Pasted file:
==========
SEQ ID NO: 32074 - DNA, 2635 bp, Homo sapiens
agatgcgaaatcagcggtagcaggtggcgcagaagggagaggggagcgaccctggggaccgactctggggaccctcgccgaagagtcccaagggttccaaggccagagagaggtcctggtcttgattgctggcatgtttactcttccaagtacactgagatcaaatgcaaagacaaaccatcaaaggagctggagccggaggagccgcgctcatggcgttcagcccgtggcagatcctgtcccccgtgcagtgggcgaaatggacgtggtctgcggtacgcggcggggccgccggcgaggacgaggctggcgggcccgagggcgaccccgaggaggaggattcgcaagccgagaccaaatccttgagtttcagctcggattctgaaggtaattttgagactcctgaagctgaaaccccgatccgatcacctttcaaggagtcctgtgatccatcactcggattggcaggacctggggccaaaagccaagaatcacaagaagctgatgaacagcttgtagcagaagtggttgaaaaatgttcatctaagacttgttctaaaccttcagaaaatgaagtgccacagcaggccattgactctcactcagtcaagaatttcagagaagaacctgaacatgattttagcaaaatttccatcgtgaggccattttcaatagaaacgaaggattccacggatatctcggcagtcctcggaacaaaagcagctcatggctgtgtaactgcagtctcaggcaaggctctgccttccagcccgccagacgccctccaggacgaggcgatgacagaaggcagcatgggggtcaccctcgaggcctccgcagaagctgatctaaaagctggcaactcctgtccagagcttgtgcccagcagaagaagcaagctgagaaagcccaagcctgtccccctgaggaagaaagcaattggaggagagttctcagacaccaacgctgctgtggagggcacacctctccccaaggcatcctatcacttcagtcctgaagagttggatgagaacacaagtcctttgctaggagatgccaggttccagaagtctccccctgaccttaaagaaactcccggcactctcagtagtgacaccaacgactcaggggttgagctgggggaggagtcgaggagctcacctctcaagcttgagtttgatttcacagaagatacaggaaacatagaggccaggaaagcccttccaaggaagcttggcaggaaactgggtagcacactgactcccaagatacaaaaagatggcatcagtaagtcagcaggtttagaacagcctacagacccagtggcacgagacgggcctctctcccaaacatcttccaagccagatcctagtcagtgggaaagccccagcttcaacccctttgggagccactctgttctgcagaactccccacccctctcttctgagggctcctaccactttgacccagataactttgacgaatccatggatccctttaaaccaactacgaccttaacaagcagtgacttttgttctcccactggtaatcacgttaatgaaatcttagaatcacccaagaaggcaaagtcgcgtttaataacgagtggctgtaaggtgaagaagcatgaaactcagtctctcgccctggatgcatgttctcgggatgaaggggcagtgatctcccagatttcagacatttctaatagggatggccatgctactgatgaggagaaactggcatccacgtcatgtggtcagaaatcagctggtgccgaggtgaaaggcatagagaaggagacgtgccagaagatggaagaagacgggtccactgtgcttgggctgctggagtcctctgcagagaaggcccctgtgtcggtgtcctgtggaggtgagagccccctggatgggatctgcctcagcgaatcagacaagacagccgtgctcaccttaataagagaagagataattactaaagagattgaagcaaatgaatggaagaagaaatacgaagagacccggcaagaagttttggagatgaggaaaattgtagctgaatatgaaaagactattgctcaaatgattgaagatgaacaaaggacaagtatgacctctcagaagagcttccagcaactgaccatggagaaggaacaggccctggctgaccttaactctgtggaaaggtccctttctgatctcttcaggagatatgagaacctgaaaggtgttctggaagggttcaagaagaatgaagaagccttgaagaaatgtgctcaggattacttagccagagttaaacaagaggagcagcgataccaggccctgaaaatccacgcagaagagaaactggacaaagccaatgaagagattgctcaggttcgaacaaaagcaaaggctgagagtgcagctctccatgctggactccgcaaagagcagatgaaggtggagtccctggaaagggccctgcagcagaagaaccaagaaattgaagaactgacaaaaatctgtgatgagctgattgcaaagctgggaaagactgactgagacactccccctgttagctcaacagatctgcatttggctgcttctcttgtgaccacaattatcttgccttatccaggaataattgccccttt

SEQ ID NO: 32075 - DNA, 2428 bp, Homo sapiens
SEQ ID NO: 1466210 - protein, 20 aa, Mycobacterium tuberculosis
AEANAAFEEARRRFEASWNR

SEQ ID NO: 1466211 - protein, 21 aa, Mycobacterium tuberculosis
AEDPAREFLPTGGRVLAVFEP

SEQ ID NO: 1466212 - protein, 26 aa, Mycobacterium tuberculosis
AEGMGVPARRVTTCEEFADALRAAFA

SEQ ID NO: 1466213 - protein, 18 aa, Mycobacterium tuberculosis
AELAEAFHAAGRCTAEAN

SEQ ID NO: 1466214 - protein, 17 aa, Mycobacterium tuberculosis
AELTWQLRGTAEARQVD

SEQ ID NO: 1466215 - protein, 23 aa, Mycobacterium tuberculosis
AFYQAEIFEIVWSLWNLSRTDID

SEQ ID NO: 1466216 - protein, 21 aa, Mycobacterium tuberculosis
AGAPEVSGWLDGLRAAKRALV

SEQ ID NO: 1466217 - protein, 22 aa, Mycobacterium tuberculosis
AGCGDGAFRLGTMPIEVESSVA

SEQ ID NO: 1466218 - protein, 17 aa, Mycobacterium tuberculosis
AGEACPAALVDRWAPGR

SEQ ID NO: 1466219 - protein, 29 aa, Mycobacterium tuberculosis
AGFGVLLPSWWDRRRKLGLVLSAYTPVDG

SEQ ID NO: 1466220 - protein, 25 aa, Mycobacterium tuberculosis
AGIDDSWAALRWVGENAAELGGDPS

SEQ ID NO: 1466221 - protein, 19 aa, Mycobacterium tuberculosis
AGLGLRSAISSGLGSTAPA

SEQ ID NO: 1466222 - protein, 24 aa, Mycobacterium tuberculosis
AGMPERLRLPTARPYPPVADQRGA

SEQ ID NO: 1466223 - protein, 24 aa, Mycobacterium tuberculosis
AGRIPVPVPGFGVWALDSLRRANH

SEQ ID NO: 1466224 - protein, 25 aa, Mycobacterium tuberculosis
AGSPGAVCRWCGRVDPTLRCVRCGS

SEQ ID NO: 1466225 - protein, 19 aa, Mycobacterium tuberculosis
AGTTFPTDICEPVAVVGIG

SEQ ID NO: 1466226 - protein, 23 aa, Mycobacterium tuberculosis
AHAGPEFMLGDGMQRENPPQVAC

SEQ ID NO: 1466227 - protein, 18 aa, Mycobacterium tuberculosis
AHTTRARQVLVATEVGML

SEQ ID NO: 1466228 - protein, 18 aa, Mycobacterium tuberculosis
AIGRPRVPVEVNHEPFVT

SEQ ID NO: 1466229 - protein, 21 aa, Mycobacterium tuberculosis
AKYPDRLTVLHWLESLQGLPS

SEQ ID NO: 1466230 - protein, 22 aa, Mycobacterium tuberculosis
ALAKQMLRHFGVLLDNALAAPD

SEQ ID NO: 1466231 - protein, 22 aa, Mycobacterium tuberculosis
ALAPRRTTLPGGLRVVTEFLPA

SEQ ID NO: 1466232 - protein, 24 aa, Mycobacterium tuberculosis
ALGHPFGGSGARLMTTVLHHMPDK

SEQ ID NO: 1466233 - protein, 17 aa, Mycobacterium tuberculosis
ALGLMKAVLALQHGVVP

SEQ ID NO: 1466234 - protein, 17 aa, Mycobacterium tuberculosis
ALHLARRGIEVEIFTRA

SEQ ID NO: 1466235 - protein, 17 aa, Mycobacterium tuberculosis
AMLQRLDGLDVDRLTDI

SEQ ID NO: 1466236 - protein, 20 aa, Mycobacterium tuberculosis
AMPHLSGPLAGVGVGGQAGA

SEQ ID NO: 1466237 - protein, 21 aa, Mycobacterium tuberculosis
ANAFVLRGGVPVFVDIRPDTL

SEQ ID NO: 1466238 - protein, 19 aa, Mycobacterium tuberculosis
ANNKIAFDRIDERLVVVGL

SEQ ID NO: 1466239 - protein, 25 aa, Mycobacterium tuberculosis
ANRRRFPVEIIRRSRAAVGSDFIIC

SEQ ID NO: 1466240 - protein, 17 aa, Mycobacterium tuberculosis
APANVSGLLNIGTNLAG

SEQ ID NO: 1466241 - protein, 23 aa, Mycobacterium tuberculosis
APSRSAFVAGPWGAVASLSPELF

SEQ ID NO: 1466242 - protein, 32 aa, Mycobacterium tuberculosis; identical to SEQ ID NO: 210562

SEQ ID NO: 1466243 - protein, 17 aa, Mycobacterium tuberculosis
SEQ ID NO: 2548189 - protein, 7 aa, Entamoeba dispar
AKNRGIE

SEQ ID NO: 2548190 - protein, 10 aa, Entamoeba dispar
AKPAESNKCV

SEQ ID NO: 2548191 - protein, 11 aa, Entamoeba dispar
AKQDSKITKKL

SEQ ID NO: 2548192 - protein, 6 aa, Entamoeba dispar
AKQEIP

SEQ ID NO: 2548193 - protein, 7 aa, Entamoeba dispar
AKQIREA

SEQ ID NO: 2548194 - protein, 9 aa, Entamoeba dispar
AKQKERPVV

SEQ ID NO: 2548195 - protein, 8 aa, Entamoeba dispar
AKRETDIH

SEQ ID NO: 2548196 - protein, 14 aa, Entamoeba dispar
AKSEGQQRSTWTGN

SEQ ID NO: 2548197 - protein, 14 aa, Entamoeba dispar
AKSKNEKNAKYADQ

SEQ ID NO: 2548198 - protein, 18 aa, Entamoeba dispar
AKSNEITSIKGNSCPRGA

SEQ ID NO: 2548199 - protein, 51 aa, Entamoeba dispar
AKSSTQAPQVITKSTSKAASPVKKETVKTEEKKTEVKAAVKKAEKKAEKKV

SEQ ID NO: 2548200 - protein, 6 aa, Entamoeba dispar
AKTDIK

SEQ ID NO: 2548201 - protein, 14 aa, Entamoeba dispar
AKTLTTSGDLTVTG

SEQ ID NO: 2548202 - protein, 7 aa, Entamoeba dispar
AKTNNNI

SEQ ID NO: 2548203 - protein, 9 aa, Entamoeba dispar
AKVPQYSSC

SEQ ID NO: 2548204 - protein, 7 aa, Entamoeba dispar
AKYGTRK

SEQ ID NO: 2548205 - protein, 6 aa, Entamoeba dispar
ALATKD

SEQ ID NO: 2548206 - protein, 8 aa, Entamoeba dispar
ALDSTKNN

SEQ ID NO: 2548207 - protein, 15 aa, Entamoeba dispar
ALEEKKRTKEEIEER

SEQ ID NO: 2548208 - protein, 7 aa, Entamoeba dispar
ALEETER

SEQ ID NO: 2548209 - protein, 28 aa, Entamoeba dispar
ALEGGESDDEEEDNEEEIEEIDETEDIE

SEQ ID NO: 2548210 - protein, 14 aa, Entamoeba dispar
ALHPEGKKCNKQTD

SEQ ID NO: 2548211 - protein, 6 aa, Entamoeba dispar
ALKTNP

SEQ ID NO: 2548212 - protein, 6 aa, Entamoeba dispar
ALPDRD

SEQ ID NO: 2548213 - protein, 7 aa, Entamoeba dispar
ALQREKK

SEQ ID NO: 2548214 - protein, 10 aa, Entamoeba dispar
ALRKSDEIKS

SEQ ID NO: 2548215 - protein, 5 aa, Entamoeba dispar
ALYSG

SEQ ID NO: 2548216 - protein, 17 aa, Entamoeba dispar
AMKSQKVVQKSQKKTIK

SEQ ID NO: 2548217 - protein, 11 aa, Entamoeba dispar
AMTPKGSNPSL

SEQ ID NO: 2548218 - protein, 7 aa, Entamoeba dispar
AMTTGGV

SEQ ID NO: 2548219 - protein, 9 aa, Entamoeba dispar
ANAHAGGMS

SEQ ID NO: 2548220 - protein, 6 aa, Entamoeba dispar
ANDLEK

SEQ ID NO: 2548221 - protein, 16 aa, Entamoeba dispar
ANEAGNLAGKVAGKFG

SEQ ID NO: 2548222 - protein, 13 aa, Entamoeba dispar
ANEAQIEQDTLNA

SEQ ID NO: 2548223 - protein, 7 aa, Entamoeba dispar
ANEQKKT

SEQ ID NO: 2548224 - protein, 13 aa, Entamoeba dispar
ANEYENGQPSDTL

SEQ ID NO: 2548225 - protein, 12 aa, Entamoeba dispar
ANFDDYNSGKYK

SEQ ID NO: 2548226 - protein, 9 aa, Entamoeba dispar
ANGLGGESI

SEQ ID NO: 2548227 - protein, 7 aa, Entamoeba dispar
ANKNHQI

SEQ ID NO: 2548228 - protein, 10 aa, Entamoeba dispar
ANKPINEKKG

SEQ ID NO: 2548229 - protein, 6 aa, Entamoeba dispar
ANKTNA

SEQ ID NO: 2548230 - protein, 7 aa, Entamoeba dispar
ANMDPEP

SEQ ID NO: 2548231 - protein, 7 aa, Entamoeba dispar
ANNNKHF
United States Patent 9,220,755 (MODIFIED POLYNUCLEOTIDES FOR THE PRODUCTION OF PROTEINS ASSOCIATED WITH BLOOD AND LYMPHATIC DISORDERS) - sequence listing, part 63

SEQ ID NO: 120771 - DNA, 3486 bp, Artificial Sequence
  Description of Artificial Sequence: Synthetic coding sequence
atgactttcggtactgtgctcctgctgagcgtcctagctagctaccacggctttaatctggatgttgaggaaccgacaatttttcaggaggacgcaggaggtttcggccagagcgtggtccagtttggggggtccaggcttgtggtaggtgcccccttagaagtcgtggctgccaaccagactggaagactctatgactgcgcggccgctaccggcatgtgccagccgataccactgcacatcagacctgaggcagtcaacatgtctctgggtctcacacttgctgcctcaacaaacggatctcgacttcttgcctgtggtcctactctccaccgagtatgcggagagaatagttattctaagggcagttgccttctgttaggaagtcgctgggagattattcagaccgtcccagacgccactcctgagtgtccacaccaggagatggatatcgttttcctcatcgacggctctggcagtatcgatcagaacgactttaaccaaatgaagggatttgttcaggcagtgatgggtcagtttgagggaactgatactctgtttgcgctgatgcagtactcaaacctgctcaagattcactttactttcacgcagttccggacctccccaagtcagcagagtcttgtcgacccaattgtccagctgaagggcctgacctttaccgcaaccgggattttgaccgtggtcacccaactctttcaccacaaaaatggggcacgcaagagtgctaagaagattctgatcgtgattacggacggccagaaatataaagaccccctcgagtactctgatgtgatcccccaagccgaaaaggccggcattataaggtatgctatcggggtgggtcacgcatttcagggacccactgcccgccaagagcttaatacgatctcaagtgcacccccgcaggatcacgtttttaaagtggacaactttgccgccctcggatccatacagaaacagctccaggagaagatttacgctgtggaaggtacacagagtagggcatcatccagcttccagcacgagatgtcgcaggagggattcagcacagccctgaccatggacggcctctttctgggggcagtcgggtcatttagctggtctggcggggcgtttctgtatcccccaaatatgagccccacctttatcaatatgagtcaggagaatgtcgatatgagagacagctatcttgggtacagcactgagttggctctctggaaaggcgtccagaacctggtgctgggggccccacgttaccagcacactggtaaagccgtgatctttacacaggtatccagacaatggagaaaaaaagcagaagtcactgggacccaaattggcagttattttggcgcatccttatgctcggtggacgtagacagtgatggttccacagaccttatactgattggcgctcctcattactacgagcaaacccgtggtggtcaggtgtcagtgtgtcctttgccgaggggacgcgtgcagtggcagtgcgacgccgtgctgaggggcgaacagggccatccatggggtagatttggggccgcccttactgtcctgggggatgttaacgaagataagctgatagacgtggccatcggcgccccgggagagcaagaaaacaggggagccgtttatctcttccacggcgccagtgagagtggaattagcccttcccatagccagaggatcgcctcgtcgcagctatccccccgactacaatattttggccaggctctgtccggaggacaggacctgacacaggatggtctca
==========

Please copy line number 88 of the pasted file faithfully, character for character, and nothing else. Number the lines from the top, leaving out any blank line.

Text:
SEQ ID NO: 2548198 - protein, 18 aa, Entamoeba dispar